The Christians at Thessalonica decided to opt out of the work force, pray and wait for Jesus to return. The tentmaking Apostle Paul was not amused. One of the most Godlike things you and I can do is get up and go to work in the morning.
As America has become more secular, the city can seem less welcoming than rural areas. But the truth is that Christianity is more at home in cities than in any other setting. Perhaps like no other time in Christian history, first-century New Testament life strategies for work and love and truth and sex have relevance and instructional power for us today. Christianity has always been an urban faith.
Tolerance was perhaps late Roman culture's highest virtue. Jezebel, a member of the church at Thyatira, thought she should help the church evolve to a changing world. Sound familiar?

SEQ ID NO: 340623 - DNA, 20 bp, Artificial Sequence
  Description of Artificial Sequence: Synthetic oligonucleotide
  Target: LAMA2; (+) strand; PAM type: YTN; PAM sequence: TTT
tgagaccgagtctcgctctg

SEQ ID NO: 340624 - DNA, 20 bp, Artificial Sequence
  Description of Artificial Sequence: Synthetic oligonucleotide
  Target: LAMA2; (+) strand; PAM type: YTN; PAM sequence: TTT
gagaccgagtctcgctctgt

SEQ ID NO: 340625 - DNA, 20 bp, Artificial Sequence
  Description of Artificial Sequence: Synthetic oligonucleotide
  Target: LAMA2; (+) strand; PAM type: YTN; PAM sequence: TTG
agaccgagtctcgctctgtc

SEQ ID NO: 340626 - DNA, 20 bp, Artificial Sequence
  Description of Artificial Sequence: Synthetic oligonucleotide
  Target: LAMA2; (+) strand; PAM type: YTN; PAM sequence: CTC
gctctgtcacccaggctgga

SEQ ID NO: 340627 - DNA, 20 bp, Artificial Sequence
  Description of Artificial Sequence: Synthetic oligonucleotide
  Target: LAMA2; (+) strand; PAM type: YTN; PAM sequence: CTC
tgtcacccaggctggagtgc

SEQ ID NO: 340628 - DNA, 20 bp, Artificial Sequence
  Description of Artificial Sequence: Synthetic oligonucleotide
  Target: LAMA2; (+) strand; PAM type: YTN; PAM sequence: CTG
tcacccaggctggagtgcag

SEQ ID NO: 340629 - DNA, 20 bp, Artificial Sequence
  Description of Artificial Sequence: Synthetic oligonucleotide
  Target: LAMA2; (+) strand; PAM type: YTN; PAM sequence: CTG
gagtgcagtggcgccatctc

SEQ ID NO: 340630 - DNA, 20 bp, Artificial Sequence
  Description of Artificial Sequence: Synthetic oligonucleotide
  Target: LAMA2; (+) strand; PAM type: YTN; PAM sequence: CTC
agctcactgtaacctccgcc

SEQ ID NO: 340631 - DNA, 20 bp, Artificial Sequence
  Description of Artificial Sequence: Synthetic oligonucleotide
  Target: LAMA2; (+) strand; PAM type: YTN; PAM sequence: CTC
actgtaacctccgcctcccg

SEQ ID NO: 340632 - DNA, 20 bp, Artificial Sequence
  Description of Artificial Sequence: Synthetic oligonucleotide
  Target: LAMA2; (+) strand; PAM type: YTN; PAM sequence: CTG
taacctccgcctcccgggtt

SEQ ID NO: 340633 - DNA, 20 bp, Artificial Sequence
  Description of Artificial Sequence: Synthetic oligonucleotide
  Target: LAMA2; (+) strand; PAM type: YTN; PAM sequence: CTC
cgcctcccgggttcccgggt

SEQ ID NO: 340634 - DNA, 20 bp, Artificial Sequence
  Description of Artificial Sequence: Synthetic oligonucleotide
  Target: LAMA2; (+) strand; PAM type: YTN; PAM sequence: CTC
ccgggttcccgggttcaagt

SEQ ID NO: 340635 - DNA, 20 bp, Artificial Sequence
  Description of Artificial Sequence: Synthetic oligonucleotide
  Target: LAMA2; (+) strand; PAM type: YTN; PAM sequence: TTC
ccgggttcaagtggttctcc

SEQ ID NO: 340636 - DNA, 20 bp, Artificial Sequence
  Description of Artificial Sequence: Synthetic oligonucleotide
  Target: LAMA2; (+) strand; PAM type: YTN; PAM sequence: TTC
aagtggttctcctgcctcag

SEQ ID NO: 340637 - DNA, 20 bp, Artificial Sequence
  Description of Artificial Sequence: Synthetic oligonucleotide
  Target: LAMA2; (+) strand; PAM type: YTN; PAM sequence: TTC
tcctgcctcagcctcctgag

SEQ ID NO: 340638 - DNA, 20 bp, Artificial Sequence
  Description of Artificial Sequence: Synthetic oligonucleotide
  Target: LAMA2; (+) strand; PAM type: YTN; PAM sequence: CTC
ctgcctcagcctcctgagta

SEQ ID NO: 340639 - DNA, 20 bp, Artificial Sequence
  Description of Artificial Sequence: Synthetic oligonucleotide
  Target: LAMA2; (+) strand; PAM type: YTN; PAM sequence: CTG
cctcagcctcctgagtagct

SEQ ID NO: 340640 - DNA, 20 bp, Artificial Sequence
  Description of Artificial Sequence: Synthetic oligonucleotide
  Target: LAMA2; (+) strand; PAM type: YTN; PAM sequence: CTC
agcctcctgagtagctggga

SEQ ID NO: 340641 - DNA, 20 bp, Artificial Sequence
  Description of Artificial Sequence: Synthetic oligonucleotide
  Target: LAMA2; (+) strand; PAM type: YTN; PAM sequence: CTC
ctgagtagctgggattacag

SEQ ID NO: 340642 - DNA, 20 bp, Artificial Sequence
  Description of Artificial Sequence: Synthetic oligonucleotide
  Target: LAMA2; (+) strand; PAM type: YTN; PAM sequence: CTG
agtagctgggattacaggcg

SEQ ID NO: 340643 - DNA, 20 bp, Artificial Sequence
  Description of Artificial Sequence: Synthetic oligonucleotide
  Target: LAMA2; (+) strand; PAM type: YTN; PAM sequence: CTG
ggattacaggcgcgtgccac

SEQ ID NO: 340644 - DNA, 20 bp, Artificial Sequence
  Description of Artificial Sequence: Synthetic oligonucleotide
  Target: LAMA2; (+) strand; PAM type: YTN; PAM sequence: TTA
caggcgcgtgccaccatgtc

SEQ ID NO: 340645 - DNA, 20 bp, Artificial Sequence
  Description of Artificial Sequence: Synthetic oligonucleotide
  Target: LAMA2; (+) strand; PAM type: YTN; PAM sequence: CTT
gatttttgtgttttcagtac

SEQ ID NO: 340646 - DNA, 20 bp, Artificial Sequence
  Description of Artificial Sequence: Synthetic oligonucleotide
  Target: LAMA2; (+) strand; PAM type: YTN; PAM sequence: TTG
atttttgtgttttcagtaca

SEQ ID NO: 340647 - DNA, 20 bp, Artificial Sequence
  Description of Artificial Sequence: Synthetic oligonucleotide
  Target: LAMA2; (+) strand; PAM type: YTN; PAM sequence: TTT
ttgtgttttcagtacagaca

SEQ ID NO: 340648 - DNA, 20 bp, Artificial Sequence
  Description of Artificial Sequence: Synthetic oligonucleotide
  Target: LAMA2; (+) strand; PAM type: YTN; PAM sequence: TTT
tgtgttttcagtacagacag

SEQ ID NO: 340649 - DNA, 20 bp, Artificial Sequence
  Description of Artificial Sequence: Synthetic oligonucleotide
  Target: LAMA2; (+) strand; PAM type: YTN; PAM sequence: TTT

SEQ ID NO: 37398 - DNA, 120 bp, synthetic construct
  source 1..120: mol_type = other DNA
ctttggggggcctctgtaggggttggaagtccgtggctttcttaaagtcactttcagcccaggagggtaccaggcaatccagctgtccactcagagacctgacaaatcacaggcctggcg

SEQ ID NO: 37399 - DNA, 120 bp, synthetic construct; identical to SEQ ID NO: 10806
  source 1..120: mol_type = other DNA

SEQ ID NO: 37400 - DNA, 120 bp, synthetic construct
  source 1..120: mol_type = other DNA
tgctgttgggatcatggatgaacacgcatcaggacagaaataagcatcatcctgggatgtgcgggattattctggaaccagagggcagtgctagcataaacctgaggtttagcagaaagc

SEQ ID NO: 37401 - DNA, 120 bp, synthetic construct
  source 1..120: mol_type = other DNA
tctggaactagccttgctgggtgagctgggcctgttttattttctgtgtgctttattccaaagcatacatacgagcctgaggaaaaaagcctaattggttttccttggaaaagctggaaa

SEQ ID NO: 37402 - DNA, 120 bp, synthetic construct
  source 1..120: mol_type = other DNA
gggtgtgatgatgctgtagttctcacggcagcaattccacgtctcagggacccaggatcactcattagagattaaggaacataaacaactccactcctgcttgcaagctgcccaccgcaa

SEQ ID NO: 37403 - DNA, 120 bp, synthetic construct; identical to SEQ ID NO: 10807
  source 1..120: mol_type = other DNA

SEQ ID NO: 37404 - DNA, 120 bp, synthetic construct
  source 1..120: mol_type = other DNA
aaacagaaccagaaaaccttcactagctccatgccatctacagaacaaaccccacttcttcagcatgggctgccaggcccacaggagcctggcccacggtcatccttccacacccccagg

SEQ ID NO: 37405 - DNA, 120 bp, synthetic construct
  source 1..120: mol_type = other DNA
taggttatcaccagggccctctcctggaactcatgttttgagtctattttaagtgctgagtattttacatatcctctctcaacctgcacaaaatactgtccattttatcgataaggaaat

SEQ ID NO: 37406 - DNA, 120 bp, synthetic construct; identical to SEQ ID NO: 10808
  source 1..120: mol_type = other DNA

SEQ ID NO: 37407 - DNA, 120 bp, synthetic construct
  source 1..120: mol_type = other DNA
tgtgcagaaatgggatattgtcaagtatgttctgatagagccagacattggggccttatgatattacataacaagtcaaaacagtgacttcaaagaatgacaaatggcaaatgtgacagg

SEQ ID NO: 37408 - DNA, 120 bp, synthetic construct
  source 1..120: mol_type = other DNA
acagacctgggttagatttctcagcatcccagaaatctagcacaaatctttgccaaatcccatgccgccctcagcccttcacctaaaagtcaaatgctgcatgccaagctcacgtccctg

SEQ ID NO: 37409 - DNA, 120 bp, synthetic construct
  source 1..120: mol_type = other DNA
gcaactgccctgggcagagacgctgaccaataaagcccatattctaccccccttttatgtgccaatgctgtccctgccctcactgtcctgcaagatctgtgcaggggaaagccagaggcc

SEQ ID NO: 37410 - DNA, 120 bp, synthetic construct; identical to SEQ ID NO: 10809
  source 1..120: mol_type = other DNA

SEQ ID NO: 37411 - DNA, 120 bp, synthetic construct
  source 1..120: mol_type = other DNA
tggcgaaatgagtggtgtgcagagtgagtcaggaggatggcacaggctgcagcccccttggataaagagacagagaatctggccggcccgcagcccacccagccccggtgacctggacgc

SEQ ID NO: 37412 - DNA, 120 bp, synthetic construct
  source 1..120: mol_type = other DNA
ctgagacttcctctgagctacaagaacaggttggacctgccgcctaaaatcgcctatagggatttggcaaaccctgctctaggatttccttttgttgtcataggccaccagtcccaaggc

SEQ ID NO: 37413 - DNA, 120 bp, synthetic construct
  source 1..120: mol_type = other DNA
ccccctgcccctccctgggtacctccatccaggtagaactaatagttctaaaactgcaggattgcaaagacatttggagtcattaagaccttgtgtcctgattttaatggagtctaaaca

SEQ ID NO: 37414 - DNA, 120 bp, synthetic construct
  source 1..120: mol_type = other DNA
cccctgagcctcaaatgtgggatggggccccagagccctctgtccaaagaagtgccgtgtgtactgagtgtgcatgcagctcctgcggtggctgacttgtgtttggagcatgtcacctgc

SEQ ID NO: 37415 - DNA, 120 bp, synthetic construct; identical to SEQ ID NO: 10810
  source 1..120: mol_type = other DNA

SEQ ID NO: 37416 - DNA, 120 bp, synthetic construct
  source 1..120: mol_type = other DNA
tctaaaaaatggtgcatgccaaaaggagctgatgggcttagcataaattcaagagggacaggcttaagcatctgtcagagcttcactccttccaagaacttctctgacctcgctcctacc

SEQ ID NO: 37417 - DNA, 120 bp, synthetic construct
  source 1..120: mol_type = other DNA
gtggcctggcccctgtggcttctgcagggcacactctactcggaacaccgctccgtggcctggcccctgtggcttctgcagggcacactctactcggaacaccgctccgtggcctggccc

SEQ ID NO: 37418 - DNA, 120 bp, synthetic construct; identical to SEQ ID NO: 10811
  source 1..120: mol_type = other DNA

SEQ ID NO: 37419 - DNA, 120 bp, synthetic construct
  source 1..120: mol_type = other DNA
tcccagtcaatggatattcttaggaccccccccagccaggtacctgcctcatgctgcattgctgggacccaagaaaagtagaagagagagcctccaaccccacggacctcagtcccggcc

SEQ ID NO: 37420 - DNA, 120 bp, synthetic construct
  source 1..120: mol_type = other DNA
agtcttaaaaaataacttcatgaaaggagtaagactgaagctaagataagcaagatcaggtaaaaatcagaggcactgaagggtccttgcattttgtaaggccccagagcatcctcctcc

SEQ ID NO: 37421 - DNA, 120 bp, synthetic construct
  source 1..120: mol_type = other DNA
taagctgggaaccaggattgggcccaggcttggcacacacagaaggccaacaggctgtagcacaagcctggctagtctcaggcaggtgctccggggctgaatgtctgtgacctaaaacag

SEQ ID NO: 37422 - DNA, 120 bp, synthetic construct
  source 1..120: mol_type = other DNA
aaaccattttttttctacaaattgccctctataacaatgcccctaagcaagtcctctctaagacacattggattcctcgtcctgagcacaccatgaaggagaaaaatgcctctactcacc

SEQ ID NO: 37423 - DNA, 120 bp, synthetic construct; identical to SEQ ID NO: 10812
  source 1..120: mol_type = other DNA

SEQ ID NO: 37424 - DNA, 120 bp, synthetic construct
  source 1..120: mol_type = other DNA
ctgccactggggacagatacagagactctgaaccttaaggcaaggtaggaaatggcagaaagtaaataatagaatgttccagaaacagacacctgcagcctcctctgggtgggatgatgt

Ephesus was a big, bold and upcoming city, and its church was the most effective church of the New Testament. Peachtree has also had a big impact on its city. But is it good enough?
God invented the city. Cities can be wicked. They are also culture shapers. Even when believers are marginalized, we're to work for the welfare of our city.
SCRIPTURE: Jeremiah 29:4-7; Isaiah 65; Revelation 21